The Rev. Eddie Nunn Sr., a longtime minister in Zephyrhills, is a name that may not be familiar to many residents. But they are better off for his being here and improving our community.
As the pastor at Macedonia Missionary Baptist Church, an African-American congregation a short jog east of the city limits, Rev. Nunn served a small but active church, teaching the word of God and also reaching into the community as a partner and leader. He died Oct. 2 in Tampa at the age of 85.
I first met Rev. Nunn in early 2000, when he visited my office at City Hall. It was time, he said, for Zephyrhills to hire a black police officer. He stressed the importance of police departments hiring officers who represent the communities they serve. After a search of several months, we hired the city's first African-American police officer — Daniel Hill.
Rev. Nunn didn't let up on me, though. He invited me to his church, first for the homecoming service, then on different Sundays. We sat together at February's Black History Month ceremonies and shared ideas on bringing the community together. It was then I realized that we were one community, Zephyrhills, despite city-limit signs or boundaries, but in many ways still separate and acting out in our own ways.
To combat this, Rev. Nunn joined the Zephyrhills Ministerial Association. He shared his pulpit with white ministers and went to white churches to share theirs. The "most segregated hour in America" became just a little more integrated, bit by bit. But Rev. Nunn wasn't done.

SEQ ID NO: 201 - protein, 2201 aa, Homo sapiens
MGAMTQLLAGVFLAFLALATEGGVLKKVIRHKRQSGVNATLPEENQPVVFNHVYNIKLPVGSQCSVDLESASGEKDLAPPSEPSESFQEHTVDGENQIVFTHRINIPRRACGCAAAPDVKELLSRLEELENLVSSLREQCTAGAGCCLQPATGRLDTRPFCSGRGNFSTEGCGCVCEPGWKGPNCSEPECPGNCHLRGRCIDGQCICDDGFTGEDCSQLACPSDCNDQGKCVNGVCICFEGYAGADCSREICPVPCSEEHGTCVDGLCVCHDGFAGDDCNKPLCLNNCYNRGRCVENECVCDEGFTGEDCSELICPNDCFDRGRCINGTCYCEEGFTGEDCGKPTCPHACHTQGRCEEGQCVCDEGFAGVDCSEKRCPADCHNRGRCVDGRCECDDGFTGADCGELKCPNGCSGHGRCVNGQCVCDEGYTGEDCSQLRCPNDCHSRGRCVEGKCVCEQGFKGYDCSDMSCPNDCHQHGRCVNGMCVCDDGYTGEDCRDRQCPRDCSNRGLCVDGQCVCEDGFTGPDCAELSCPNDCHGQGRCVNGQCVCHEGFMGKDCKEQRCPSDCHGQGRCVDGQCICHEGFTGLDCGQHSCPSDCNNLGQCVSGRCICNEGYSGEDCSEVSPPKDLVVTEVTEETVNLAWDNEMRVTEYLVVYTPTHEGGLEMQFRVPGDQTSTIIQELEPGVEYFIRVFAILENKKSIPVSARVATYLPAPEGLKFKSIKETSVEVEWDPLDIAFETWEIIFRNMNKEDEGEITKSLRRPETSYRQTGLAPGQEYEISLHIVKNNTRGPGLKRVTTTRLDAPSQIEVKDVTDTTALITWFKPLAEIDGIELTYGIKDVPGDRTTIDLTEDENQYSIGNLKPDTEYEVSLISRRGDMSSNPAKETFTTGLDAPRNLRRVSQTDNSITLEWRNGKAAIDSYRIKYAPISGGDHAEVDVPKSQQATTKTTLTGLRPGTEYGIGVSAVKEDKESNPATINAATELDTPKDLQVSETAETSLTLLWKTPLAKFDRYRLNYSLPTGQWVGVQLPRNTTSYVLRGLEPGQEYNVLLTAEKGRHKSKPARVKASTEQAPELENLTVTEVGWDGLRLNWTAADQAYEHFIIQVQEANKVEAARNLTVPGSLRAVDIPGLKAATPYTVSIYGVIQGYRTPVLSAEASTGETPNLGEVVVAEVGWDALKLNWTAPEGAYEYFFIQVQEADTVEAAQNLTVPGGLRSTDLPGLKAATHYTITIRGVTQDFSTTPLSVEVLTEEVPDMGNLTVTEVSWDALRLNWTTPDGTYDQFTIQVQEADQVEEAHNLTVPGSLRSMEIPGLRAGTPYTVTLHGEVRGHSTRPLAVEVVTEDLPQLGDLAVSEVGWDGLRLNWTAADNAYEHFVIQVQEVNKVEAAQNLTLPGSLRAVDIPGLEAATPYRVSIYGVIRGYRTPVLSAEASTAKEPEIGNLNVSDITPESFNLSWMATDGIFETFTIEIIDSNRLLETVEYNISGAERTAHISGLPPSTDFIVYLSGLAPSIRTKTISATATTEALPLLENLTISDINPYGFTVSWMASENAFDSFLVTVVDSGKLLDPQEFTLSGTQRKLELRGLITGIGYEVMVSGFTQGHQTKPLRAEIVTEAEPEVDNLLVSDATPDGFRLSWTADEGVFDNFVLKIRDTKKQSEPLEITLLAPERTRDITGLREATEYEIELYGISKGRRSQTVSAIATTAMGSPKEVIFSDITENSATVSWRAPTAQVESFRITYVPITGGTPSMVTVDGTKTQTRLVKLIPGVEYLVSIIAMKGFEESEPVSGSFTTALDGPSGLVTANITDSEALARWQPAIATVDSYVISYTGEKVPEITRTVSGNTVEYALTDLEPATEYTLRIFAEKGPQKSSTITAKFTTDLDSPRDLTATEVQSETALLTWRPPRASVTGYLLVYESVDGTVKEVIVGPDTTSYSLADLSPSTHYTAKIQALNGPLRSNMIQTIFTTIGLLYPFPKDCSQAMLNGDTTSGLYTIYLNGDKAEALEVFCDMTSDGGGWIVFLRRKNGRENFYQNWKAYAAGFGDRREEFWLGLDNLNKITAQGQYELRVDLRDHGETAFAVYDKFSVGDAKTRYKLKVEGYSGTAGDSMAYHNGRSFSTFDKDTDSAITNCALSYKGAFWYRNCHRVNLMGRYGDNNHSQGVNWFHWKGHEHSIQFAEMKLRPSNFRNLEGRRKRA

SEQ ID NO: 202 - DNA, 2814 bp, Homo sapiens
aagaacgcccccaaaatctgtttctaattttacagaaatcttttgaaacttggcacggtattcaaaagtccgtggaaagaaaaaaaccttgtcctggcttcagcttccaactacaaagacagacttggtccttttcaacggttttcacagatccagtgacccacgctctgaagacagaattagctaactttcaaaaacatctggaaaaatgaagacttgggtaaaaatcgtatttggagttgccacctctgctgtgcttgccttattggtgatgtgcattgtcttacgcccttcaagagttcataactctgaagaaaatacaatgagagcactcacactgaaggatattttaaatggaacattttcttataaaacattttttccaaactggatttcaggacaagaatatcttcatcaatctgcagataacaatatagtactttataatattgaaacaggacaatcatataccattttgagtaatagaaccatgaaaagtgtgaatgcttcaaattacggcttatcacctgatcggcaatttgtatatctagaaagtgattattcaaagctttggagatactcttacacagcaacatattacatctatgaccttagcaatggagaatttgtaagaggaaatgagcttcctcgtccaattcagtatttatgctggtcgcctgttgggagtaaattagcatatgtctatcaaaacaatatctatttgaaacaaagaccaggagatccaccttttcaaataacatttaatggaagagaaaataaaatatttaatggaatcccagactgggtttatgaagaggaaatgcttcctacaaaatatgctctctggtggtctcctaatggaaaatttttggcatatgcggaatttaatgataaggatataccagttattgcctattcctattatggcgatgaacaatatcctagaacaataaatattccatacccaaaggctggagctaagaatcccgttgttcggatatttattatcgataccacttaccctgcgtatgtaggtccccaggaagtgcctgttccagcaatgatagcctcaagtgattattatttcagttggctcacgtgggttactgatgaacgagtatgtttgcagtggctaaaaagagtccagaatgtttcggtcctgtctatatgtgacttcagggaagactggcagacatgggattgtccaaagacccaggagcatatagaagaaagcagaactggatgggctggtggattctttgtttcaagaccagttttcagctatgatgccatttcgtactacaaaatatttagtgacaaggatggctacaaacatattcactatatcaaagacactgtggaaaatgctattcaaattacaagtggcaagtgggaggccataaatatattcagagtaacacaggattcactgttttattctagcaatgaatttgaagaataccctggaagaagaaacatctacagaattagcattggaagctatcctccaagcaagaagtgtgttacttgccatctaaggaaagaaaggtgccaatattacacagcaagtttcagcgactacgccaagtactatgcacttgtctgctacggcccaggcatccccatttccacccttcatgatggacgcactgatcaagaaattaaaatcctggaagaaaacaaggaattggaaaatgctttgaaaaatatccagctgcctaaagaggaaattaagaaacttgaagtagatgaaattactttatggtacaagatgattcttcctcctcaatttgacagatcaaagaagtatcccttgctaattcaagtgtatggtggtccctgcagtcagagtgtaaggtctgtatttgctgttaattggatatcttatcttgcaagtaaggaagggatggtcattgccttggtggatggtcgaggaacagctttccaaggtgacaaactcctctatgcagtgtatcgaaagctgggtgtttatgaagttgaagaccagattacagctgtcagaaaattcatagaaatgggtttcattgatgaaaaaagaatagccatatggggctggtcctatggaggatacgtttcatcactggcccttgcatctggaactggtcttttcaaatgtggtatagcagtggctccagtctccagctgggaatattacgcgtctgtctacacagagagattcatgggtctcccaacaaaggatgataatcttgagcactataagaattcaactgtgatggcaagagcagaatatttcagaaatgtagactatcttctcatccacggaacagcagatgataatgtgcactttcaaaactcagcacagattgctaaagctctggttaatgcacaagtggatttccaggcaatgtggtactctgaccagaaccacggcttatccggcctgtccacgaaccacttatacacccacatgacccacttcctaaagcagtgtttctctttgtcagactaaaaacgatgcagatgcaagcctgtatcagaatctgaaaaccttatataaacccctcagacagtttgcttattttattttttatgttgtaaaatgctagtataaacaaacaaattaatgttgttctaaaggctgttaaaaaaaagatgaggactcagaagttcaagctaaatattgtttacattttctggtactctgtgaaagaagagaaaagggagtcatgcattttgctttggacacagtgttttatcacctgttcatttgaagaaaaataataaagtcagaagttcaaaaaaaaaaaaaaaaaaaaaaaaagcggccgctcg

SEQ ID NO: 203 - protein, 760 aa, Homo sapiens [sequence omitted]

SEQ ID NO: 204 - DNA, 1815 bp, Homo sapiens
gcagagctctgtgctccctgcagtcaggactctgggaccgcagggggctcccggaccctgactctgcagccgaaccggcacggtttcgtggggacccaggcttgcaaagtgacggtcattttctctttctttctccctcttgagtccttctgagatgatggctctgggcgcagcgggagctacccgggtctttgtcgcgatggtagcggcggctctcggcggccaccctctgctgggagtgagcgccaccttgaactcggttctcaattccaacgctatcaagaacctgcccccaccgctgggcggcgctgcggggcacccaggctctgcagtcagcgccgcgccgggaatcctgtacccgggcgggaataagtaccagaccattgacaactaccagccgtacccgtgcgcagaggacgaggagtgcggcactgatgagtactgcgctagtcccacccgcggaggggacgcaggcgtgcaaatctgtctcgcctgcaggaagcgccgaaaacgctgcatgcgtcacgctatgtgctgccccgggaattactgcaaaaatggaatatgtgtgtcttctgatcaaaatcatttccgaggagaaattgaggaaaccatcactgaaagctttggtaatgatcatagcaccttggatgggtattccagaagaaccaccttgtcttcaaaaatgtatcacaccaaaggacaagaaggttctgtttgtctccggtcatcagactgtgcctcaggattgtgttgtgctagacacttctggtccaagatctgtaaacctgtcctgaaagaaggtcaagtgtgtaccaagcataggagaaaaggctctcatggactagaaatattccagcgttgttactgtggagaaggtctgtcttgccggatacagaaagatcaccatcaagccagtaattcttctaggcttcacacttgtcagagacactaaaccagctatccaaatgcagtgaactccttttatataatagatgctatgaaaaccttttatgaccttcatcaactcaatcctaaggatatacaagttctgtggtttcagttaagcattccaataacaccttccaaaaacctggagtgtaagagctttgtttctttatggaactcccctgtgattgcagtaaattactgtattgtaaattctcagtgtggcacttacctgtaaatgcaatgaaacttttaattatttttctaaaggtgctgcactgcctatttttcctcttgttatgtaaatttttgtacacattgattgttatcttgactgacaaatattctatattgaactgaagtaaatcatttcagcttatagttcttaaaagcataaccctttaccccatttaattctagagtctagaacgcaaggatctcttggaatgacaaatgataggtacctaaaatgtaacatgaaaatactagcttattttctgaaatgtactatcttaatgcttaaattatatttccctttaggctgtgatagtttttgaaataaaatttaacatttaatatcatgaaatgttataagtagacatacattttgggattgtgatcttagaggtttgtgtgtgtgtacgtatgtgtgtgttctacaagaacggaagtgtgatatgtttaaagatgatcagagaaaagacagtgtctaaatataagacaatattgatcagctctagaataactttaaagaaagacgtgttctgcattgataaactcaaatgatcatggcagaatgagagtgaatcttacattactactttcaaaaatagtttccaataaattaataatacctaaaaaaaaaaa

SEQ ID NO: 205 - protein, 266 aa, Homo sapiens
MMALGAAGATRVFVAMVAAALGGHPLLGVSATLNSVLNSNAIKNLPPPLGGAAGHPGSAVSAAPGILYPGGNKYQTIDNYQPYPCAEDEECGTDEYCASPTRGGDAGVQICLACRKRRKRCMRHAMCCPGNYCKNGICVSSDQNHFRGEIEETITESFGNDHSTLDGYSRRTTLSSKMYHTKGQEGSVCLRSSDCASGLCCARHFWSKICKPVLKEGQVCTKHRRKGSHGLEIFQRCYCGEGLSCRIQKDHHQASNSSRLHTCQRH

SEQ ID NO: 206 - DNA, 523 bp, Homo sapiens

He supported efforts to get local streets paved in an African-American neighborhood and joined forces with Irene Dobson for a street in Zephyrhills to be named after the Rev. Dr. Martin Luther King Jr. We moved forward on several fronts, hiring more black people citywide and adding African-Americans to city boards, but also suffered a setback when the street naming became a point of controversy.
Yet, through it all, Rev. Nunn remained undaunted. We made progress, he told me. Eyes were opening, and change was coming.
He then returned to his original focus — law enforcement. Rev. Nunn initiated Law Day at Macedonia, inviting law enforcement officers from Zephyrhills, Pasco County, Dade City and other neighboring jurisdictions to visit his church, meet his congregation, talk and mingle with children in the neighborhood, all in an effort to break down barriers. Police were seen in a different light, praying, talking, visiting and dining with church members, who also were viewed differently.
Then one day he asked Officer Hill if there were other police officers working at the Zephyrhills Police Department "that looked like him." Hill responded no, there were not. Rev. Nunn's gaze turned to me. Isn't it time to fully integrate the Police Department? he asked.
So, how does one man change a community? With concern, with compassion and with ideals of fairness. Today, the Zephyrhills Police Department is fully integrated with officers of varied ethnic backgrounds, genders and religions. The second-in-command, a native of Zephyrhills, is an African-American who was promoted to captain this spring.
With Pastor Nunn at the helm of Macedonia for more than 25 years, progress has been made, extending far outside the church door. Law Day is an annual event, and the city is once again looking at annexation to fully bring the community together.
It was Margaret Mead who once said, "Never doubt that a small group of thoughtful, committed citizens can change the world; indeed, it's the only thing that ever has."
To that I would add, never doubt that one man, committed to decency and equality, cannot leave a legacy in his wake.
Eddie Nunn has, and Zephyrhills is a better place, thanks to him.
Steve Spina is city manager of Zephyrhills